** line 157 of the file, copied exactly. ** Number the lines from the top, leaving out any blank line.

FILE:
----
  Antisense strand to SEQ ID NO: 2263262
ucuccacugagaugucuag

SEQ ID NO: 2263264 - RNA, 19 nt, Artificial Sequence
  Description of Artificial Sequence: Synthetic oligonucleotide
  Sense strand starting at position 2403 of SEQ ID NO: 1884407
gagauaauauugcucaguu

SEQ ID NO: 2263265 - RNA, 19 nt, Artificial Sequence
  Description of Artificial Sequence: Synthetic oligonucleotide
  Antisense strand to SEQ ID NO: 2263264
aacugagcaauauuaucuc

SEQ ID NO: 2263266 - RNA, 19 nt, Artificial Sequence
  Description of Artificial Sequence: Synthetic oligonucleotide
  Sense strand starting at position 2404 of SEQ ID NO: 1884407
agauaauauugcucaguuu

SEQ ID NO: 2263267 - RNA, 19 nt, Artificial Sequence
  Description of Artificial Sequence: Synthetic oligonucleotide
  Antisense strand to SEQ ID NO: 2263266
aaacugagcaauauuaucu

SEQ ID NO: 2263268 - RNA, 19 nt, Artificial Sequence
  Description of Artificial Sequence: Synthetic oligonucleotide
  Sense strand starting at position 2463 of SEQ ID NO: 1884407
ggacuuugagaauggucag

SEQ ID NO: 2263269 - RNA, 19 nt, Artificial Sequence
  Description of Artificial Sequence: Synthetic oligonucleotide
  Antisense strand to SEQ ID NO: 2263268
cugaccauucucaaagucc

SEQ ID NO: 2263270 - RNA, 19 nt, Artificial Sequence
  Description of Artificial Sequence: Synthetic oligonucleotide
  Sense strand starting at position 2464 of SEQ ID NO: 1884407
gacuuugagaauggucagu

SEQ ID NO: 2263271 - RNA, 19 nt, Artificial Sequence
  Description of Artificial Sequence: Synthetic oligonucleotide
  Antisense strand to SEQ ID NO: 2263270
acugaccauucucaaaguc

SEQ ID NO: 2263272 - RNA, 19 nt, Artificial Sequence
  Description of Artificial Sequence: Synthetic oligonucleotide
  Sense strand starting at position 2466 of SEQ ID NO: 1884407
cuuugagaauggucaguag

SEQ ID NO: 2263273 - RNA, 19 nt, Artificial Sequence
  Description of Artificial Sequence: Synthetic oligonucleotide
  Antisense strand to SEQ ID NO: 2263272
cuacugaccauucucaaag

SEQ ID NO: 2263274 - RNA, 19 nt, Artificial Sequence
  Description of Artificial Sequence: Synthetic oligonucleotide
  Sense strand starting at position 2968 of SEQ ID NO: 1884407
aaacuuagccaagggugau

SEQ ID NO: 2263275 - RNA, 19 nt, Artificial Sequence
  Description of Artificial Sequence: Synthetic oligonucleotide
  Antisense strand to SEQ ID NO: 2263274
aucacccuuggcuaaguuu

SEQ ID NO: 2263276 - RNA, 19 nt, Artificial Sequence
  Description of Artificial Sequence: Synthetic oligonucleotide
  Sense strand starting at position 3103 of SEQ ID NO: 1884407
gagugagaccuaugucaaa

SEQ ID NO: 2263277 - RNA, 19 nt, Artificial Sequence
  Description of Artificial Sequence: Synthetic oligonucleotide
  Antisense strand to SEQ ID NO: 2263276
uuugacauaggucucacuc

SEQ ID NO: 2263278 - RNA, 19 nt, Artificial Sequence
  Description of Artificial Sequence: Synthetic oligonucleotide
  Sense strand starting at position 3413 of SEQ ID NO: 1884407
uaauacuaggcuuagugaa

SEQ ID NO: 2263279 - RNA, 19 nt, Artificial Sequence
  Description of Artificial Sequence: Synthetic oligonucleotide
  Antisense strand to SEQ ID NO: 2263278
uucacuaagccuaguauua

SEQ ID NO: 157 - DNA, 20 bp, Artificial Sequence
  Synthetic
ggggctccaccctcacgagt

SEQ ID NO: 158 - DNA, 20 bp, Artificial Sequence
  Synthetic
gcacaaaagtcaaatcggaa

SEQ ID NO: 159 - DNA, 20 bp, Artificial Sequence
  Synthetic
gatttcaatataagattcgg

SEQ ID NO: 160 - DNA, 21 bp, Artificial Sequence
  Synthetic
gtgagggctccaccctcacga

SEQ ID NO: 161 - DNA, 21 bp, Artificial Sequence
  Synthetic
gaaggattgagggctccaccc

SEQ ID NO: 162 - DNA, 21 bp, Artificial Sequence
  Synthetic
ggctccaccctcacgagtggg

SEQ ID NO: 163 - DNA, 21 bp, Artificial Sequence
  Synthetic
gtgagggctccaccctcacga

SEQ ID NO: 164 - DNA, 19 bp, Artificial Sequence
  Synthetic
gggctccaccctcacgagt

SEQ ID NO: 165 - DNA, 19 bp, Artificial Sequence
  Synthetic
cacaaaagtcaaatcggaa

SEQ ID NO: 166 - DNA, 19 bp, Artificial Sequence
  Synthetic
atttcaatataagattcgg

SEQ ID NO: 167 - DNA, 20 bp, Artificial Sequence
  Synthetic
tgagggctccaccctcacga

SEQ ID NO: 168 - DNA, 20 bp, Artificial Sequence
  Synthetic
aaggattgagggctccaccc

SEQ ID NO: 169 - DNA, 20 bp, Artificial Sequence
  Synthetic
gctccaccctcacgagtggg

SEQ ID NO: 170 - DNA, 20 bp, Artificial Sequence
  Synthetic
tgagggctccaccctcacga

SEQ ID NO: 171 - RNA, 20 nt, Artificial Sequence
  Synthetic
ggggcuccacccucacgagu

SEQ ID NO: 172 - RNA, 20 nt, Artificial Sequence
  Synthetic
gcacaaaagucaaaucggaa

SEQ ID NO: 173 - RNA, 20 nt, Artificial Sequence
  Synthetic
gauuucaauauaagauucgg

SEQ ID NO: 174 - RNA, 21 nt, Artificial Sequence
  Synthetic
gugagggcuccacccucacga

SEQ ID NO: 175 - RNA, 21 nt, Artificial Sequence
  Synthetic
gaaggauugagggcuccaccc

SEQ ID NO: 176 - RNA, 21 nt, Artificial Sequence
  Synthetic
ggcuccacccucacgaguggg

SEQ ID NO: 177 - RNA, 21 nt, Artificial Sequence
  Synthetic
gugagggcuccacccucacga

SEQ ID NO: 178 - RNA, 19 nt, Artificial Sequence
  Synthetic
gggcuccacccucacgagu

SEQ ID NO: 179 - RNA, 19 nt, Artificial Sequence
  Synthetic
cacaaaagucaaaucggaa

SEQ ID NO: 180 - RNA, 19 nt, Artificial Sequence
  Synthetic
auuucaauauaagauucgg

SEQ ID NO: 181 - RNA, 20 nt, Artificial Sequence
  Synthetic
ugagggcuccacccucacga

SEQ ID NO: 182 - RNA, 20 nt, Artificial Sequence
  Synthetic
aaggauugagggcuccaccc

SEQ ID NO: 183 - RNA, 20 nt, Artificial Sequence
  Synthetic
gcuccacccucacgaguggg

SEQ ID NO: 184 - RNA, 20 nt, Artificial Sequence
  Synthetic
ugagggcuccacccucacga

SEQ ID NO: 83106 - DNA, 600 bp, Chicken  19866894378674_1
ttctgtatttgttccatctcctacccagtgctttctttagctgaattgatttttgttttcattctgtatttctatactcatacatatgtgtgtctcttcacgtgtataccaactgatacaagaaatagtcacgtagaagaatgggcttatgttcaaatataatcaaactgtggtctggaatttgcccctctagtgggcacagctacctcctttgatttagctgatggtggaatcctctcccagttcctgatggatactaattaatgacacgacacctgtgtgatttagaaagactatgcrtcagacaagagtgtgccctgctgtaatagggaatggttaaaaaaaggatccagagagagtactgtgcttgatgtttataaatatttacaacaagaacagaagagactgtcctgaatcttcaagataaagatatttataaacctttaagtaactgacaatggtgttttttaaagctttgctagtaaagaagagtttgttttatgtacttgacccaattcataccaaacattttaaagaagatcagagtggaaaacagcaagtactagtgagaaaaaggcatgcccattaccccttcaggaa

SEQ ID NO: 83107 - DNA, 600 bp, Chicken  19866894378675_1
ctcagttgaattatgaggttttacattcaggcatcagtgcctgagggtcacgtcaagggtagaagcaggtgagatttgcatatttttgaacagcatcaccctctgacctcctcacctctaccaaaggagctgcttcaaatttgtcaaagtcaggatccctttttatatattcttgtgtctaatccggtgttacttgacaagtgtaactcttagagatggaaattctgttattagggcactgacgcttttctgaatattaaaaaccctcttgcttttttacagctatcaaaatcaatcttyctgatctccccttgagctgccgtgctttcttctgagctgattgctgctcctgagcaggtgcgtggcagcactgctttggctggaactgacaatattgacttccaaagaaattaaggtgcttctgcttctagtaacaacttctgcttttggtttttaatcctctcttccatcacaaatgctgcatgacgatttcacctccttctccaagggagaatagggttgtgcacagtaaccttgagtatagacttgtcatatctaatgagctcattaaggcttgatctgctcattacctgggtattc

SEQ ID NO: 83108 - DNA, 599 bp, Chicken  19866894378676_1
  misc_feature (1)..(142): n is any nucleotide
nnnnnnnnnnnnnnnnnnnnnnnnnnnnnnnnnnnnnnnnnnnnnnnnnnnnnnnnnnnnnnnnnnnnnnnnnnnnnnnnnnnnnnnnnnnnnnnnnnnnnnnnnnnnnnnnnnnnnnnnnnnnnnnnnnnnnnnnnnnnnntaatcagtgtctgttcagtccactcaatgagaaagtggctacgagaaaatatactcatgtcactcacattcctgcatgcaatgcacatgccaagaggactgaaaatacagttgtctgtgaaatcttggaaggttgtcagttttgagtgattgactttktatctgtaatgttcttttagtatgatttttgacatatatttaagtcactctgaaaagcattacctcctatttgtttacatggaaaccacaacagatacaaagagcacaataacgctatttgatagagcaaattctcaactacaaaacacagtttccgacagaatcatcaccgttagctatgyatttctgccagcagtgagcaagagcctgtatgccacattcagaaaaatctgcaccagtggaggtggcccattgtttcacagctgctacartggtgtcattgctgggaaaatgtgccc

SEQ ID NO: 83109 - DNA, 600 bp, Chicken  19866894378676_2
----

nnnnnnnnnnnnnnnnnnnnnnnnnnnnnnnnnnnnnnnnnnnnnnnnnnnnnnnnnnnnnnnnnnnnnnnnnnnnnnnnnnnnnnnnnnnnnnnnnnnnnnnnnnnnnnnnnnnnnnnnnnnnnnnnnnnnnnnnnnnnnntaatcagtgtctgttcagtccactcaatgagaaagtggctacgagaaaatatactcatgtcactcacattcctgcatgcaatgcacatgccaagaggactgaaaatacagttgtctgtgaaatcttggaaggttgtcagttttgagtgattgactttktatctgtaatgttcttttagtatgatttttgacatatatttaagtcactctgaaaagcattacctcctatttgtttacatggaaaccacaacagatacaaagagcacaataacgctatttgatagagcaaattctcaactacaaaacacagtttccgacagaatcatcaccgttagctatgyatttctgccagcagtgagcaagagcctgtatgccacattcagaaaaatctgcaccagtggaggtggcccattgtttcacagctgctacartggtgtcattgctgggaaaatgtgccc